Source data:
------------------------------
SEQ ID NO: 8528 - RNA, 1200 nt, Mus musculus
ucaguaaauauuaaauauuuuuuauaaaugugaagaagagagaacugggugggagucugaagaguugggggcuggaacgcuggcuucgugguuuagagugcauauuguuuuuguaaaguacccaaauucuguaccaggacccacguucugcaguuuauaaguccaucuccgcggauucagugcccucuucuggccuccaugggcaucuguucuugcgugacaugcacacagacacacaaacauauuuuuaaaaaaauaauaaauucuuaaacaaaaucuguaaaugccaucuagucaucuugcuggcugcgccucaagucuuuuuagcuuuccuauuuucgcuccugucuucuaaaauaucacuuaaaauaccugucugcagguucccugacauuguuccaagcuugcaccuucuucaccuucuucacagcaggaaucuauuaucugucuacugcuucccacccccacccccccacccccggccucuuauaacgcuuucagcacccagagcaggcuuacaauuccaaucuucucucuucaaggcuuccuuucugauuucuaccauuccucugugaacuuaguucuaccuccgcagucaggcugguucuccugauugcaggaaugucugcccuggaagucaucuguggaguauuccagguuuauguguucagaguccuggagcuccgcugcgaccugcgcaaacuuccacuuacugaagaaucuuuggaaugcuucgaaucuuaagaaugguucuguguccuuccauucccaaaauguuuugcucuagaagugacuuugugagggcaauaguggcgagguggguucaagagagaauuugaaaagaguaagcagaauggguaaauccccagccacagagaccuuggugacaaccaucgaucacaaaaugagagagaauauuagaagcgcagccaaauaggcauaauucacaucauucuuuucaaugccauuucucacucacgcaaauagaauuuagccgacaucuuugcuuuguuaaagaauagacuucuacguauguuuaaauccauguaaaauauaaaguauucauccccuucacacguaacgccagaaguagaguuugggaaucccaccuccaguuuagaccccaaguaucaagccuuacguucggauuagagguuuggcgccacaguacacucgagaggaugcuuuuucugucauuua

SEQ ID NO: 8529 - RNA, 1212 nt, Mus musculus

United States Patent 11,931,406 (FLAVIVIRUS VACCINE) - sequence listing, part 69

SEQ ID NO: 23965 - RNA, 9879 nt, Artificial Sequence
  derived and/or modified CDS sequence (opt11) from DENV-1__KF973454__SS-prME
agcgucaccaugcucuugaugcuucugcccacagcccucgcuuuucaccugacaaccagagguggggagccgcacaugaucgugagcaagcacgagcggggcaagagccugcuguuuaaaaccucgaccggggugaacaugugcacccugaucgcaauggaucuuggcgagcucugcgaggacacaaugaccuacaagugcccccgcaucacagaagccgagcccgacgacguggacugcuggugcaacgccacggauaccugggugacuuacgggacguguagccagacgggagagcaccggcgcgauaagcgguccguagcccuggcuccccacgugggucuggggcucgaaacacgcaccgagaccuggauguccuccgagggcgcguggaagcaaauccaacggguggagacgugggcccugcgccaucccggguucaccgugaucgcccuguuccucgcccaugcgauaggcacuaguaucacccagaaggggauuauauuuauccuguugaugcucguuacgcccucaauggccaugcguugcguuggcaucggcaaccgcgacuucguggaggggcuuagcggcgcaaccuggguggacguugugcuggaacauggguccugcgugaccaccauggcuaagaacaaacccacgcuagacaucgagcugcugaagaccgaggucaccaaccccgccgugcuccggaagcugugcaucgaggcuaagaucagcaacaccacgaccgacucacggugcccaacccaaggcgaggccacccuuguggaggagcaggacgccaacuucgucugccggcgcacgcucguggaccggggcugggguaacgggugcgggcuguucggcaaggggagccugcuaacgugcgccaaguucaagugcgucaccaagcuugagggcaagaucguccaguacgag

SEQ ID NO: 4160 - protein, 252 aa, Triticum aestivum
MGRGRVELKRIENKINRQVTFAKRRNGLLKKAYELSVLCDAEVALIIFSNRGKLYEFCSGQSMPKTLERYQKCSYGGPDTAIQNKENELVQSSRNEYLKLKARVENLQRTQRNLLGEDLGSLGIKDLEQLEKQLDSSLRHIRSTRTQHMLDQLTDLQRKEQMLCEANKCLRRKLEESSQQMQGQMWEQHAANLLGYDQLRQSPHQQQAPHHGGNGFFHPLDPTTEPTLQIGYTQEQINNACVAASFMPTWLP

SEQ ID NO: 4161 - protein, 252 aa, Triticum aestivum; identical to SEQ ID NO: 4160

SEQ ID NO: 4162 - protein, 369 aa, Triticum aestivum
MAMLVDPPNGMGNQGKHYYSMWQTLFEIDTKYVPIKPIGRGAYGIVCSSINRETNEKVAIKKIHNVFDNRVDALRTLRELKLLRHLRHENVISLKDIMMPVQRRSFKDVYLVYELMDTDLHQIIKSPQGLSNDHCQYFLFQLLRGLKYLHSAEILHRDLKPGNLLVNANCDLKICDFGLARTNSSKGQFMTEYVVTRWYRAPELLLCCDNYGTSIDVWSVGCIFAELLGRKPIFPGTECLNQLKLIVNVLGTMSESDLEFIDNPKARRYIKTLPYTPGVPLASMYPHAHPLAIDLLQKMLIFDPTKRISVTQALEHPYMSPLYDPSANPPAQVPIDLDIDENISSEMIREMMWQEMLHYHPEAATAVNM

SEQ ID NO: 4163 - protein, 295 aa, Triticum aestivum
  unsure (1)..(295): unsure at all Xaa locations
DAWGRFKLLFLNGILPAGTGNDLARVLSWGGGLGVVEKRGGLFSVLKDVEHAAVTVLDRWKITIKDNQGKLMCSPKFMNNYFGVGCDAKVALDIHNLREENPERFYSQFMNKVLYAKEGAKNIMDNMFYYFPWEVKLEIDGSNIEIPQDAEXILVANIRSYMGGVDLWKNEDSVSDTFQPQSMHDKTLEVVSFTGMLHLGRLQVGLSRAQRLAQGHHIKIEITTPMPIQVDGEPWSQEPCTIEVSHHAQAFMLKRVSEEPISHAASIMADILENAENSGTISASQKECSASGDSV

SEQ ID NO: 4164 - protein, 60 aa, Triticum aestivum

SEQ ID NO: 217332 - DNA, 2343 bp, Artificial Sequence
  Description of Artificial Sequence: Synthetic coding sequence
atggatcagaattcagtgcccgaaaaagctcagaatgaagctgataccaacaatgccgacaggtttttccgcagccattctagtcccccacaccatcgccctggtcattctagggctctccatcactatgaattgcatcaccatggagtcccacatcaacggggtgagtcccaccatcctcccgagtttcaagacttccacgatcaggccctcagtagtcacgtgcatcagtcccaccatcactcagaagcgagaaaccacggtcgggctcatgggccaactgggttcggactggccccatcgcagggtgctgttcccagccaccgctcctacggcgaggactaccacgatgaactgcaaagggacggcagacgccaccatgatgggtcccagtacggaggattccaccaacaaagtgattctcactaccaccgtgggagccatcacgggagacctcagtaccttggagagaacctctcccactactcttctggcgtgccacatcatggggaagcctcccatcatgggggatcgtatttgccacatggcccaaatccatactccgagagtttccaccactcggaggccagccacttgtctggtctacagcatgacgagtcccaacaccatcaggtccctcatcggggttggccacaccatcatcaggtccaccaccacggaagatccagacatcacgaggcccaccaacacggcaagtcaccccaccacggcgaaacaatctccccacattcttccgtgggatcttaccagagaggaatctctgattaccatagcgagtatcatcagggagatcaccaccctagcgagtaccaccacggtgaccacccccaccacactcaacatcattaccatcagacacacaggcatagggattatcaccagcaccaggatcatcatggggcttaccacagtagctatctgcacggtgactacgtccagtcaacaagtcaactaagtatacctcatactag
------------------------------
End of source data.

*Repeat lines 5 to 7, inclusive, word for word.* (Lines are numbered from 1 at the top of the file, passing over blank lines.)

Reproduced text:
SEQ ID NO: 23965 - RNA, 9879 nt, Artificial Sequence
  derived and/or modified CDS sequence (opt11) from DENV-1__KF973454__SS-prME
agcgucaccaugcucuugaugcuucugcccacagcccucgcuuuucaccugacaaccagagguggggagccgcacaugaucgugagcaagcacgagcggggcaagagccugcuguuuaaaaccucgaccggggugaacaugugcacccugaucgcaauggaucuuggcgagcucugcgaggacacaaugaccuacaagugcccccgcaucacagaagccgagcccgacgacguggacugcuggugcaacgccacggauaccugggugacuuacgggacguguagccagacgggagagcaccggcgcgauaagcgguccguagcccuggcuccccacgugggucuggggcucgaaacacgcaccgagaccuggauguccuccgagggcgcguggaagcaaauccaacggguggagacgugggcccugcgccaucccggguucaccgugaucgcccuguuccucgcccaugcgauaggcacuaguaucacccagaaggggauuauauuuauccuguugaugcucguuacgcccucaauggccaugcguugcguuggcaucggcaaccgcgacuucguggaggggcuuagcggcgcaaccuggguggacguugugcuggaacauggguccugcgugaccaccauggcuaagaacaaacccacgcuagacaucgagcugcugaagaccgaggucaccaaccccgccgugcuccggaagcugugcaucgaggcuaagaucagcaacaccacgaccgacucacggugcccaacccaaggcgaggccacccuuguggaggagcaggacgccaacuucgucugccggcgcacgcucguggaccggggcugggguaacgggugcgggcuguucggcaaggggagccugcuaacgugcgccaaguucaagugcgucaccaagcuugagggcaagaucguccaguacgag